Monday, February 24, 2014

The Gauntlet: 3 Days in February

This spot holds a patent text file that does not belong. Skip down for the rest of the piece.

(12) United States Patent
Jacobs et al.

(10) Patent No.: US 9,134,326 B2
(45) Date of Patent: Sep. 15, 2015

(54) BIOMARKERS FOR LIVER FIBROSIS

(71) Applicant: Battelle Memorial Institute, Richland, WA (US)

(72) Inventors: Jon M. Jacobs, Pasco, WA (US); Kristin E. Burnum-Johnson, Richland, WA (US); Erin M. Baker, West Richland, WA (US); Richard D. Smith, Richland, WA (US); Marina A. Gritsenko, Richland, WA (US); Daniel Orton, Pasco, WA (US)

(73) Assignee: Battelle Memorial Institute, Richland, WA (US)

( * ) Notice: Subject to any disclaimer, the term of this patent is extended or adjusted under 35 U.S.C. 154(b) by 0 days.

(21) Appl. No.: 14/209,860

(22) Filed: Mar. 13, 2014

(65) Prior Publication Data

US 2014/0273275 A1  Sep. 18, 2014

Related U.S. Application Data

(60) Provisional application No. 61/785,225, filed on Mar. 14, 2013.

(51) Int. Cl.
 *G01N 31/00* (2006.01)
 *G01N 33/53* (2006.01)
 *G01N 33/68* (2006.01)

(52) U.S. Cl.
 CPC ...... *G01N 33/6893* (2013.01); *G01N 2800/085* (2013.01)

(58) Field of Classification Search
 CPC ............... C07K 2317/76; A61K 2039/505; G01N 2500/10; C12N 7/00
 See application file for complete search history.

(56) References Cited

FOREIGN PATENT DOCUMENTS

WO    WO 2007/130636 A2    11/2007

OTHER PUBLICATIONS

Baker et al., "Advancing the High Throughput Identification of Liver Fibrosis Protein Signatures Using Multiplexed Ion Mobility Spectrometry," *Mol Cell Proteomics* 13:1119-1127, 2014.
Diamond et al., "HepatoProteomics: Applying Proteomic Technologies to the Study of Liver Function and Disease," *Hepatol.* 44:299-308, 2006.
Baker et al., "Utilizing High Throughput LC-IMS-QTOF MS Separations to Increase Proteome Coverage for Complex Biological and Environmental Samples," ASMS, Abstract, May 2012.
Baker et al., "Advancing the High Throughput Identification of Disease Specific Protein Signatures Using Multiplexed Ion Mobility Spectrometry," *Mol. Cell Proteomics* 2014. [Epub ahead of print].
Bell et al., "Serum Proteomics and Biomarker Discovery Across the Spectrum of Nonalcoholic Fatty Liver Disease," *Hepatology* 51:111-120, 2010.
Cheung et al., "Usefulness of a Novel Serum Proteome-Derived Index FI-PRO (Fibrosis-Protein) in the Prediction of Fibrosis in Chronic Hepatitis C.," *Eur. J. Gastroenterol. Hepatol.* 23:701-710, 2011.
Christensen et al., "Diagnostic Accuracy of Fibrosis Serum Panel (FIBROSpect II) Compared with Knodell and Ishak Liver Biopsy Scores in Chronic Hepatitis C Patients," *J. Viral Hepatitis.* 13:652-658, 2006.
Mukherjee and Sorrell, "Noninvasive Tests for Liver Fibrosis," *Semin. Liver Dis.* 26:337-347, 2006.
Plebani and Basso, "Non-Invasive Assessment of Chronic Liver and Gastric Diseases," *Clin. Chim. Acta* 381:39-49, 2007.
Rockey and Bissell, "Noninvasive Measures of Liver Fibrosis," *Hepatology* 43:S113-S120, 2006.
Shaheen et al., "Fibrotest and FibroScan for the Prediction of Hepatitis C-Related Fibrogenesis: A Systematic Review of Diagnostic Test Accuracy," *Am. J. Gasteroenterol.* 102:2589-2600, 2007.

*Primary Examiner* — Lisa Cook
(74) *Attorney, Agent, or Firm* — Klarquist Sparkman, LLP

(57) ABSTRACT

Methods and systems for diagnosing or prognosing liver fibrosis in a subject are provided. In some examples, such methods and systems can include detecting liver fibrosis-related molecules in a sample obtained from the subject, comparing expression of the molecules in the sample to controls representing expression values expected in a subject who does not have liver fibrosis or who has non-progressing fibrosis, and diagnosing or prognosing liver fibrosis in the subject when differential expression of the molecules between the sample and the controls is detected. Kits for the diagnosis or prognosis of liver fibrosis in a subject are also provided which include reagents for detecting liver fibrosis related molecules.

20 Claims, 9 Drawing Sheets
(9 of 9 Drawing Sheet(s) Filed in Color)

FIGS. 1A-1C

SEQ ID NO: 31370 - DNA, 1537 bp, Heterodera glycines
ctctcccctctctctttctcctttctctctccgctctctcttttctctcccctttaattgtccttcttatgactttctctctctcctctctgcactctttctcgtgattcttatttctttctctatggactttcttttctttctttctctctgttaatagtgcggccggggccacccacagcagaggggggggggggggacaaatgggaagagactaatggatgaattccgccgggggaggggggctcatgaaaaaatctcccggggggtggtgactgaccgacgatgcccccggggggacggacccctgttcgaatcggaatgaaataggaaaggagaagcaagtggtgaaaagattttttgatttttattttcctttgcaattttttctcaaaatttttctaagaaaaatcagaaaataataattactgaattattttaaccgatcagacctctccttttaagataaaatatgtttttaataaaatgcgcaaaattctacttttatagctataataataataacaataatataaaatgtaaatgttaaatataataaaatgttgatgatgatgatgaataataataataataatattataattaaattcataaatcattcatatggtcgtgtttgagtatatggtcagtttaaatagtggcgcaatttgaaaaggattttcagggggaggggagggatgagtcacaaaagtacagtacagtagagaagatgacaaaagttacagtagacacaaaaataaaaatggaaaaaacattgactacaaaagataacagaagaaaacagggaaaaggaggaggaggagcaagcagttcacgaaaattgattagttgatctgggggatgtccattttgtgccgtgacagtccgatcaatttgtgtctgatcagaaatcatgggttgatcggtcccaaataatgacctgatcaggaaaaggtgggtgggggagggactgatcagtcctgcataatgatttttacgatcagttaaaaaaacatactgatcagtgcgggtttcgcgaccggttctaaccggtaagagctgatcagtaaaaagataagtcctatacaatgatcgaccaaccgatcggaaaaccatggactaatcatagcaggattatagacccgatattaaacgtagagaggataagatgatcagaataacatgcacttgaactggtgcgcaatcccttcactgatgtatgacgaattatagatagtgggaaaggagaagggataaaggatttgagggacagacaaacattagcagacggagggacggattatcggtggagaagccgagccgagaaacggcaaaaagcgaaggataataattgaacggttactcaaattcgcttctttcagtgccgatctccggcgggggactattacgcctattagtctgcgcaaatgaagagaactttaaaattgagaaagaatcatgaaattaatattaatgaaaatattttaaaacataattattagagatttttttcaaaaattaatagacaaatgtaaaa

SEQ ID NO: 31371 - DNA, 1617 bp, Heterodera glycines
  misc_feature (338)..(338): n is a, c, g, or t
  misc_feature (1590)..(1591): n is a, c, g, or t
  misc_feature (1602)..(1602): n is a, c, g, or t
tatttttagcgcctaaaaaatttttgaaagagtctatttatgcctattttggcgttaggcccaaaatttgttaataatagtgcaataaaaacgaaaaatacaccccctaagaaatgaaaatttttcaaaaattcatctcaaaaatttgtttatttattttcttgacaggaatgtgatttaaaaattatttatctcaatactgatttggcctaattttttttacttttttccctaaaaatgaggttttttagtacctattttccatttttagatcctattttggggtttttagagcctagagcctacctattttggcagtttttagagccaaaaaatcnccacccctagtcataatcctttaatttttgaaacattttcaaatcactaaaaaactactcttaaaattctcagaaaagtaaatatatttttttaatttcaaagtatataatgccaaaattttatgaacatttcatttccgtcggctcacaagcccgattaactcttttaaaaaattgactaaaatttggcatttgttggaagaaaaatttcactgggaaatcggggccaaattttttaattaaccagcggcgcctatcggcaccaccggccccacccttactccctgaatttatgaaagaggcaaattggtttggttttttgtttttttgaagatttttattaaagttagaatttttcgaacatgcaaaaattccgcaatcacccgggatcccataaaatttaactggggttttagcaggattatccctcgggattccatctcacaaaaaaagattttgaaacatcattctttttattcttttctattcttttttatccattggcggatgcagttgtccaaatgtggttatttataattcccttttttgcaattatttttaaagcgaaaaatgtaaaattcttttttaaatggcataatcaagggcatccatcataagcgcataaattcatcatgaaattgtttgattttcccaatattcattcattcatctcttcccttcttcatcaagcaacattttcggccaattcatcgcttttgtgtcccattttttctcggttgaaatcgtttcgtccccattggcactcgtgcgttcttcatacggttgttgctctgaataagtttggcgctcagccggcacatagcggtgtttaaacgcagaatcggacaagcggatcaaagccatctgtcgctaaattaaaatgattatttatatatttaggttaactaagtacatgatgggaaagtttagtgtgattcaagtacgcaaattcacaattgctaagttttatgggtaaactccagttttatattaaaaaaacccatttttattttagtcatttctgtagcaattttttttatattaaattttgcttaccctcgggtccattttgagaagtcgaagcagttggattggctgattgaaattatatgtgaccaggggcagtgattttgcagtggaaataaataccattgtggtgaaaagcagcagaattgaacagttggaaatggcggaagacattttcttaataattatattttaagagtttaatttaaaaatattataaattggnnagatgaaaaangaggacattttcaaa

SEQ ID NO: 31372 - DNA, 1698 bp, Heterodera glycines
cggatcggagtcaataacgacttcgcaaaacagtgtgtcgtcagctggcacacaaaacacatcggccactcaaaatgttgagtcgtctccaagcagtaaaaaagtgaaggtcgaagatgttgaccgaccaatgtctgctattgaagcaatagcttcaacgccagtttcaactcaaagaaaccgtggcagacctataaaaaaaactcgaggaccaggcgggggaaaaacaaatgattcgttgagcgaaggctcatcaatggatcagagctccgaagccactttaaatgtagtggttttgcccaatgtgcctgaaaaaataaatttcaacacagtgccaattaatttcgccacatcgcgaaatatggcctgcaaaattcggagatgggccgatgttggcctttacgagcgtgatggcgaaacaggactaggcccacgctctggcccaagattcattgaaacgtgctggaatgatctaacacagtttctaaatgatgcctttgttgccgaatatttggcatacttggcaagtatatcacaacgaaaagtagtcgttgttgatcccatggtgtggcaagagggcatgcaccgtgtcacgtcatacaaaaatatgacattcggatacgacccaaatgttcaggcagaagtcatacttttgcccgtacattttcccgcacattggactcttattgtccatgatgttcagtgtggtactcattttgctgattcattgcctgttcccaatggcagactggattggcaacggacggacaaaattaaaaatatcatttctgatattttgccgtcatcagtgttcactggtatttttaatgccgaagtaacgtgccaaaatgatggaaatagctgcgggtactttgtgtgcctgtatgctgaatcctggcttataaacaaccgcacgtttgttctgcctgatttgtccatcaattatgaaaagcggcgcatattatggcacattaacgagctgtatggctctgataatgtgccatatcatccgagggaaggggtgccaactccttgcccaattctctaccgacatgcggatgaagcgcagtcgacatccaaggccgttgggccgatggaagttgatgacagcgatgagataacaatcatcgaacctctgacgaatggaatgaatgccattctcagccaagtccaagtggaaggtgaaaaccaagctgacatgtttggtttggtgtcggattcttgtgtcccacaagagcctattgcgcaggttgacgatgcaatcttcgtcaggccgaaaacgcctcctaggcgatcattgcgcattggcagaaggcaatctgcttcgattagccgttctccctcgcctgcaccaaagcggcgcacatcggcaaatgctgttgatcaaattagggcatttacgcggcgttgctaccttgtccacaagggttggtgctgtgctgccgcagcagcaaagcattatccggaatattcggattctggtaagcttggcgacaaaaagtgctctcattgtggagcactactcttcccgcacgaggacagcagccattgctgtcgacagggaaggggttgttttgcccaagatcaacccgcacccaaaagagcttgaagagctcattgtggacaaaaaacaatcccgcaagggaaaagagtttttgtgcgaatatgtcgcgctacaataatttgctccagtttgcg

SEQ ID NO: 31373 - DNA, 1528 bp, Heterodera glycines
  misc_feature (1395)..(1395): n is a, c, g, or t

There comes a time in every man's life when he has to put up or shut up.  Stare evil in the face and spit directly in its eye.  You've got to take the gloves off and handle business.  The following story does not fall into that category, but it should.  I am quickly approaching the end of a 25 year quest.  The quest to obtain a degree.  A Bachelors of Arts in History to be specific, because everyone knows that History rocks!  Right?  As a 42 year old college senior I have come to expect the unexpected, and I know that I put the non-traditional in non-traditional student.  Once again I ran into a brick wall last week and to break through I had to get nasty and handle business.  Three days in a row.  Three continuous days of tests in both Science and Math.  Did I mention that I'm a History major?  I don't play nice with Science and Math.  In this particular case the Science was Geology and the Math was Algebra, but its all Greek to me.  That's actually an insult to Greece, because I am very fond of all things in the Mediterranean especially Greece (see Cristos the Spartan).  At this stage in my life I'm always up for a challenge, but this one just about knocked me down.  Down for the count?  Well, you'll have to keep reading to find out the answer to that one.  Be afraid.  Be very afraid.  Rocks and Polynomials await!